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John Panzer, the Google engineer who first proposed Salmon, notes that the protocol also includes ways of checking the identity of people making comments. While it’s possible to use a pseudonym to post, he says, it’s not possible to forge someone else’s signature. This feature would help prevent spammers from using the protocol as yet another means of distribution.

Earlier open standards helped make it easier for users to participate on sites across the Web by making it simple to transfer things like profile information and lists of friends, says Joseph Smarr, chief technology officer at Plaxo, a company in Mountain View, CA, that synchronizes contact information between Microsoft’s Outlook, other desktop e-mail programs, and a number of Web services. The new generation of protocols are solving the problems created by that success, he says, adding, “Now the question is, how do you end up not having the conversation be totally fragmented?”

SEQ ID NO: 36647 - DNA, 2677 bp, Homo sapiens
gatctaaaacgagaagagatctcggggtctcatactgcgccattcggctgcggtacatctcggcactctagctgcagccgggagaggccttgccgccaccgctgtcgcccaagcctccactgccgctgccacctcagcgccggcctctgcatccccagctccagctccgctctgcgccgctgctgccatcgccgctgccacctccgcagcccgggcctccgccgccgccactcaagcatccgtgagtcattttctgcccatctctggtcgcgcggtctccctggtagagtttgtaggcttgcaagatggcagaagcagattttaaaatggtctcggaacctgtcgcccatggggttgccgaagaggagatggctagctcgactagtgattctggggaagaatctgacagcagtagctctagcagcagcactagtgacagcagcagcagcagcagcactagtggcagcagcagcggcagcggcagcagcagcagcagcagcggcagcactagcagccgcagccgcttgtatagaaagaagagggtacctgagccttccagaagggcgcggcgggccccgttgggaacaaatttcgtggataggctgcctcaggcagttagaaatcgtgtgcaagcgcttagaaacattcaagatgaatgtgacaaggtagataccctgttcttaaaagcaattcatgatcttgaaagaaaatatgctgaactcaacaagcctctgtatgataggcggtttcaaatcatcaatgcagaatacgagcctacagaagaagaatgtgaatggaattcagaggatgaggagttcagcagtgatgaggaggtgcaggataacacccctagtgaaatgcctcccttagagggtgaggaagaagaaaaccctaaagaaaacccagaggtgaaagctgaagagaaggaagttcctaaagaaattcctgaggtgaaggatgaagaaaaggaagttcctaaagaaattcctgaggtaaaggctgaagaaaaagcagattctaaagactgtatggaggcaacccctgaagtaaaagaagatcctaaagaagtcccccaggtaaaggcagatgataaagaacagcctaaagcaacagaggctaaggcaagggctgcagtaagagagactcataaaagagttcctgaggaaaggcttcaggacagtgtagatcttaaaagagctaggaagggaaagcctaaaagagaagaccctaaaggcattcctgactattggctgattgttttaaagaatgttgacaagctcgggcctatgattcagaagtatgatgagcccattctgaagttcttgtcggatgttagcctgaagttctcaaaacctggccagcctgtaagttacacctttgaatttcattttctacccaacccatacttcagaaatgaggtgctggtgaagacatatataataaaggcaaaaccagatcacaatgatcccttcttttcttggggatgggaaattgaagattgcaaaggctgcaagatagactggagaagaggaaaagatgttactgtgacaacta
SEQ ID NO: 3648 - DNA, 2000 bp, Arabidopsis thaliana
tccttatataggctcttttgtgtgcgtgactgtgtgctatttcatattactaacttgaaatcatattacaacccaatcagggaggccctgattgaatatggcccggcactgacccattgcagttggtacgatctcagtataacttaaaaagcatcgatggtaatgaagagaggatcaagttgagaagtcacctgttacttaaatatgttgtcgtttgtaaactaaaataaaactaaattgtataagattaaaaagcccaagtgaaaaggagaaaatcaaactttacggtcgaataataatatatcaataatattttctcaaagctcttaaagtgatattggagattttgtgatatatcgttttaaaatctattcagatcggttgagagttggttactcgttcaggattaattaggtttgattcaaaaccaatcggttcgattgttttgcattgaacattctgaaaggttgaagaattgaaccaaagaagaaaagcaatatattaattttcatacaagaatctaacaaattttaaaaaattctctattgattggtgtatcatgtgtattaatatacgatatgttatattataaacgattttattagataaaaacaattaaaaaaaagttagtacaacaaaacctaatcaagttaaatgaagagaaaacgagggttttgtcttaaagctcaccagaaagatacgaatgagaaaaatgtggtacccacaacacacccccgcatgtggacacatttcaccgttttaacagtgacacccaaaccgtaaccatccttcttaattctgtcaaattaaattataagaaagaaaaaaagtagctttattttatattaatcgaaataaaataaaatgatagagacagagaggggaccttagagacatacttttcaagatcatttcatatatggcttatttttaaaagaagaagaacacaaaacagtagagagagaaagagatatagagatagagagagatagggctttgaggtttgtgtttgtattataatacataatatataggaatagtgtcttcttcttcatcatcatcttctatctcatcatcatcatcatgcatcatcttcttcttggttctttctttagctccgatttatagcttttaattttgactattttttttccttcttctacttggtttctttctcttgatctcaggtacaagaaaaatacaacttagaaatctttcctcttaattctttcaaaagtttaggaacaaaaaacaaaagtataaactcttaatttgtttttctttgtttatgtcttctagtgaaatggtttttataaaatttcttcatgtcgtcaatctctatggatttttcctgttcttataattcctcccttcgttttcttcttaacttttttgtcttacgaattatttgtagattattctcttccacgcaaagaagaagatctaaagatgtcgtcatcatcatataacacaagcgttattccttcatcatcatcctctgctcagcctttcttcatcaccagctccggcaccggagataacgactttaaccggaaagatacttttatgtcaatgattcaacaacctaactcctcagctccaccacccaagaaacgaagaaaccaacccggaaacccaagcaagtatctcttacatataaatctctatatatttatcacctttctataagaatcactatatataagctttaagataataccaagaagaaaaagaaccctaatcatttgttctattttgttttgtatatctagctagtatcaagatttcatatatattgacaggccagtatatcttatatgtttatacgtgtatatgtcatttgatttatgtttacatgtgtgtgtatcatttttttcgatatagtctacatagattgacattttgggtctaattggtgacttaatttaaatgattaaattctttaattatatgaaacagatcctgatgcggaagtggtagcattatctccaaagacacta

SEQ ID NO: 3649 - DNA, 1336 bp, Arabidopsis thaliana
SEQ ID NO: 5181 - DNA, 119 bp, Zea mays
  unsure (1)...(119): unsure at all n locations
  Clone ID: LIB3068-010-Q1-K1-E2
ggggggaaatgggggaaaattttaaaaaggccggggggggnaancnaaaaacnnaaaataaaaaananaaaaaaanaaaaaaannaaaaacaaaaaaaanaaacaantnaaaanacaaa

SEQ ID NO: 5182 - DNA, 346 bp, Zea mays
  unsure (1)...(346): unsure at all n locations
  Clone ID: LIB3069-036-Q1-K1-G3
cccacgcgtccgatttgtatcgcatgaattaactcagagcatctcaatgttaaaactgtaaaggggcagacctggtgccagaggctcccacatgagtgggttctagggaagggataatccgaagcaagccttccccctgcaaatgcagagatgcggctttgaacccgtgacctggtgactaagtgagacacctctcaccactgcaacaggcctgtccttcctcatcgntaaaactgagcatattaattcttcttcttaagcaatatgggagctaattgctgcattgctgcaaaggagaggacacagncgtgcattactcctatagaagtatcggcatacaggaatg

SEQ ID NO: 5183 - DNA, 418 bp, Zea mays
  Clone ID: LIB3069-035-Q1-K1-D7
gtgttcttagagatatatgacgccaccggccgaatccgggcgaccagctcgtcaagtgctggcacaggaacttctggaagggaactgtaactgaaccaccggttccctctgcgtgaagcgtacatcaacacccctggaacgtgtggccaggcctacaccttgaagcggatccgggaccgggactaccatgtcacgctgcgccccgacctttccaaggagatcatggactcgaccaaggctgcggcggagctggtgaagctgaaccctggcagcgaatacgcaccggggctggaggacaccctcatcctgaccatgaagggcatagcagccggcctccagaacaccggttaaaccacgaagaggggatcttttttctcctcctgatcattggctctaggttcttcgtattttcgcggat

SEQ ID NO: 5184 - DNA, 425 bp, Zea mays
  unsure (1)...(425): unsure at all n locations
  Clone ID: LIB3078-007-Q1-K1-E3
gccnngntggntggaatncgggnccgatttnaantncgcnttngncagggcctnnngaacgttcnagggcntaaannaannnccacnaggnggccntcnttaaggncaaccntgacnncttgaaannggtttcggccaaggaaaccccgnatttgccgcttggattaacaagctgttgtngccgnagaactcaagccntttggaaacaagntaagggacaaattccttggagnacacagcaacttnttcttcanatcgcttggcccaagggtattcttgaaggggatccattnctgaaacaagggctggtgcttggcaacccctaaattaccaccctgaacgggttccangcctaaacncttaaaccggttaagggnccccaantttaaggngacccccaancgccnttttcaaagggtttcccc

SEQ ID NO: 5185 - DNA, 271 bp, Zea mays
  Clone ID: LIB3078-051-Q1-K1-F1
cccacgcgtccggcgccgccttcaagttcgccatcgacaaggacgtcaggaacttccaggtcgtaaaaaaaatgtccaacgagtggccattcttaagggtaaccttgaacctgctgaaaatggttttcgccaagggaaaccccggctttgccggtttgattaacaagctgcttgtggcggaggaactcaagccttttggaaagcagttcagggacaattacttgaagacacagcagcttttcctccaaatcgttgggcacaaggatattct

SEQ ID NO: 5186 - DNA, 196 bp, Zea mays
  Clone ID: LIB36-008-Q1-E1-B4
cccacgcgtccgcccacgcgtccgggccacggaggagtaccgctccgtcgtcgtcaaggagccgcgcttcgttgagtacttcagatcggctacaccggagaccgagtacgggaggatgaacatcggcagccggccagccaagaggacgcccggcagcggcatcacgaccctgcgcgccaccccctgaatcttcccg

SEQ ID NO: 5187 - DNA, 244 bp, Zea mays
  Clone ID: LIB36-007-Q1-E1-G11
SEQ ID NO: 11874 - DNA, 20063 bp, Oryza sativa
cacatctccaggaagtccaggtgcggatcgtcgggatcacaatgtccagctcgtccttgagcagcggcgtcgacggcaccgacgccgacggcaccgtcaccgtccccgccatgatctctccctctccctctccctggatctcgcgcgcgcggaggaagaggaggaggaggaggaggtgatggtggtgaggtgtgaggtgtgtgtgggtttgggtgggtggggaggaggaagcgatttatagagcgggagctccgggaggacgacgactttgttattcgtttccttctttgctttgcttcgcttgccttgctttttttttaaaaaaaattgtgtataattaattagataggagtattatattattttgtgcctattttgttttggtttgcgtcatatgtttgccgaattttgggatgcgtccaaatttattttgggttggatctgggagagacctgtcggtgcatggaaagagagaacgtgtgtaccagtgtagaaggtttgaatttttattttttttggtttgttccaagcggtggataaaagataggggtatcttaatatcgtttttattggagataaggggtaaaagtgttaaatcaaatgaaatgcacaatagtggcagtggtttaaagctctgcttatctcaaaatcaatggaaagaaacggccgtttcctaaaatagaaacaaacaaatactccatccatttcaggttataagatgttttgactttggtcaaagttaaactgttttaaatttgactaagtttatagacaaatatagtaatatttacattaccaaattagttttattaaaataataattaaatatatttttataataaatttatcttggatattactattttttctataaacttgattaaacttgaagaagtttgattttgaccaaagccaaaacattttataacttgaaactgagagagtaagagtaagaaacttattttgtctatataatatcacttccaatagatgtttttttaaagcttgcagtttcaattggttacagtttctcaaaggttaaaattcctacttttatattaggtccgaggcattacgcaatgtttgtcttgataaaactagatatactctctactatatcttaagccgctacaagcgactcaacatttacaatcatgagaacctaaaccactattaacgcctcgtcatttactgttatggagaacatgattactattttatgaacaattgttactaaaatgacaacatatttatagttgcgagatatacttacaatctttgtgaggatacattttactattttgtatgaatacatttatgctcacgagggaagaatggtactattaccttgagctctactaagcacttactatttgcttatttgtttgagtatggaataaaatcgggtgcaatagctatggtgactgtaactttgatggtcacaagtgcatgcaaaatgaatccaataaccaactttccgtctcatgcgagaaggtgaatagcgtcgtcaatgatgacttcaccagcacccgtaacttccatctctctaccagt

Salmon does raise privacy questions, Smarr says. For example, it’s unclear whether users will be comfortable seeing their comments distributed to a wide variety of sites.

Marks says he’s seen a lot of concern recently as more sites have moved toward sharing information through business deals rather than through open standards. He says he remains optimistic about the new set of protocols, but adds, “Writing standards is easy. Getting people to adopt them is hard.”

Engineers have built a demonstration of Salmon, but the protocol is too new for any site to have formally adopted it so far.

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Credit: Technology Review

Tagged: Communications, Web, social networks, social web, protocols, Web standards, data portability, online conversation, RSS

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